Thames floods: Thames Barrier closed for record 19th consecutive tide

פורסם: 17 בפבר׳ 2014, 12:46 על ידי: Sustainability Org   [ עודכן 17 בפבר׳ 2014, 12:47 ]

The Environment Agency has shut the ten steel gates that protect London from flooding 41 times this winter, a quarter of all the closures since it opened in 1982

The Thames Barrier, London's main flood defence
The Thames Barrier near Woolwich, south-east London Photo: PA

By 16 Feb 2014

The Thames Barrier will be closed for a record 19th consecutive time on Sunday night in a further demonstration of how the relentless winter storms have tested Britain’s flood defences to their limits.

Millions of people living in a 48 sq mile area of central London are protected from flooding by the barrier’s ten steel gates across the River Thames near Woolwich in the east of the capital.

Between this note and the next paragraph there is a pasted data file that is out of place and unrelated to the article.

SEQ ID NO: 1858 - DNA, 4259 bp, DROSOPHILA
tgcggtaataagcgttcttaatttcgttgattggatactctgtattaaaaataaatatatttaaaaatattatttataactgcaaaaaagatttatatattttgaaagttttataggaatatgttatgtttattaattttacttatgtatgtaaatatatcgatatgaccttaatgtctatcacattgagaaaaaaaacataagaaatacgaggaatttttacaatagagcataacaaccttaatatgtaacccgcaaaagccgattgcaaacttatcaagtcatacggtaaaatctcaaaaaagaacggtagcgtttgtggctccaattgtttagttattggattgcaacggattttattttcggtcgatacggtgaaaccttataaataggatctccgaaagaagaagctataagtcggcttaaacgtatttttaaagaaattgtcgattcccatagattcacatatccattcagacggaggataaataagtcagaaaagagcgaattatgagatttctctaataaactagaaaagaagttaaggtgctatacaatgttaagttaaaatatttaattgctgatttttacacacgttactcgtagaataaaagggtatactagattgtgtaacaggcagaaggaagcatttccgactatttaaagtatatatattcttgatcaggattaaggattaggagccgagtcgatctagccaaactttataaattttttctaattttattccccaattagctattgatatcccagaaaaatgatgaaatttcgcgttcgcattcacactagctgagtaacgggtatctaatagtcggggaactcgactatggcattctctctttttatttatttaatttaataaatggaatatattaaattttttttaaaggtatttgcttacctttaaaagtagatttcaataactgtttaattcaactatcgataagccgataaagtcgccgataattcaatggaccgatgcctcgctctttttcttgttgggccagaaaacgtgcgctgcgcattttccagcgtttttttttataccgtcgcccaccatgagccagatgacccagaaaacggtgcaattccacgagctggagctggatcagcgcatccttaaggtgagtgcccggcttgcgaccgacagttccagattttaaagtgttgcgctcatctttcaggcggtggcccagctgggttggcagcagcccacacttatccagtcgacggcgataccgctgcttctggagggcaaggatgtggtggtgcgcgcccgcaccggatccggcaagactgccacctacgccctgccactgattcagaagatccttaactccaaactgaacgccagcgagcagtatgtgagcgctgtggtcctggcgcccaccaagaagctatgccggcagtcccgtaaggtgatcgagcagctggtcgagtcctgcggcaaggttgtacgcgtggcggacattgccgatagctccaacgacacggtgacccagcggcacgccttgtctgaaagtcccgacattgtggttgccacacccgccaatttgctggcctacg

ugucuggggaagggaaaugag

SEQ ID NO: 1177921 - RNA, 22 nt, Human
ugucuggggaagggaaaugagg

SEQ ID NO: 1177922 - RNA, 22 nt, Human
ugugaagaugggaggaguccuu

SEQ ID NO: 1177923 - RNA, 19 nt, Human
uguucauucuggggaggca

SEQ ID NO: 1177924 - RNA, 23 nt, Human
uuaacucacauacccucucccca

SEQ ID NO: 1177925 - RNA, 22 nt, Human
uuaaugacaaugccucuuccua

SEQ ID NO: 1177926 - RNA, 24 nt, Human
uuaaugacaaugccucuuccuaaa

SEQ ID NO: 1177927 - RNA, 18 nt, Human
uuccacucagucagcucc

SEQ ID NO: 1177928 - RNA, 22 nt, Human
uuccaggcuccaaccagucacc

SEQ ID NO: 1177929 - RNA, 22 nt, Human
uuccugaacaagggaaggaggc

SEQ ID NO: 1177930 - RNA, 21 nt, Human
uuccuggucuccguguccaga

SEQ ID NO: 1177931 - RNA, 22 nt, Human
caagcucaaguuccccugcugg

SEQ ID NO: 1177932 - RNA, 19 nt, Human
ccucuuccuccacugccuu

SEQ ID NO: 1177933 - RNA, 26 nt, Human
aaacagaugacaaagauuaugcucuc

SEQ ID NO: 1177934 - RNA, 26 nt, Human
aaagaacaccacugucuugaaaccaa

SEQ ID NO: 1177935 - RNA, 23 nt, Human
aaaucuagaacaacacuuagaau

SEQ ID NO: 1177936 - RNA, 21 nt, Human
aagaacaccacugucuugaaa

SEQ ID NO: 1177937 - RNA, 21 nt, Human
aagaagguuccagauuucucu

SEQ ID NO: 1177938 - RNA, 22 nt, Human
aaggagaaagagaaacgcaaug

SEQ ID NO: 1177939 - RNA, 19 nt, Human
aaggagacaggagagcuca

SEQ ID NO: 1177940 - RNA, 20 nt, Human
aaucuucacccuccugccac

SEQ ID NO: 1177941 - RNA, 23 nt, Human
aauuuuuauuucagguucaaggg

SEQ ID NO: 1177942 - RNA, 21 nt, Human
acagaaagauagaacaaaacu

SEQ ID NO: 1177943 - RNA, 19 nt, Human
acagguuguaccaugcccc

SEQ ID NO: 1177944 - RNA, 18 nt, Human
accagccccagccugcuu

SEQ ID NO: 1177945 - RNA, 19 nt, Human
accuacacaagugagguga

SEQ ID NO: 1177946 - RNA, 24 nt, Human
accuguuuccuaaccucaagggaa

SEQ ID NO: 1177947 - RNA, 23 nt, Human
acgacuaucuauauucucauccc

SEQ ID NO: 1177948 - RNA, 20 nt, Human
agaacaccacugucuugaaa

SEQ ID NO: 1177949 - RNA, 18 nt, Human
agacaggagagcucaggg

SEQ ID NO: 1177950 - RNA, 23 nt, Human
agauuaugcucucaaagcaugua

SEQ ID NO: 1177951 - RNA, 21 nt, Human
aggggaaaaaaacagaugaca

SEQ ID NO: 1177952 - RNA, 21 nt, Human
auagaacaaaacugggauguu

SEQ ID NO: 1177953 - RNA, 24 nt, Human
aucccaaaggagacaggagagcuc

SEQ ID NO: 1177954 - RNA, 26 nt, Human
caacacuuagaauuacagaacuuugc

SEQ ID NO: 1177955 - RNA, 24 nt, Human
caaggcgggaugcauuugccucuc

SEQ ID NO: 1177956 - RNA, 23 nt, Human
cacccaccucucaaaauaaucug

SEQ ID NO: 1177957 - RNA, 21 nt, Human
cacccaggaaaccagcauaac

The barrier, which opened in 1982, was originally designed to be raised only once every six years to block floods caused by tidal surges.

However, it has been called into use more and more frequently in recent times, with the Environment Agency shutting it 41 times this winter alone, a quarter of all the closures for flood defence purposes since it was completed.

It will be closed again for a 20th consecutive time on Monday afternoon, the agency said.

The Thames Barrier, one of the world’s largest moveable flood barriers with a span of 1,700 ft, was built in response to the 1953 North Sea flood, which killed more than 300 people, including one in London.

It is currently being used to prevent high tides from holding back the extra water coming down the heavily swollen Thames from inundated areas upriver and causing flooding in densely populated areas of the capital.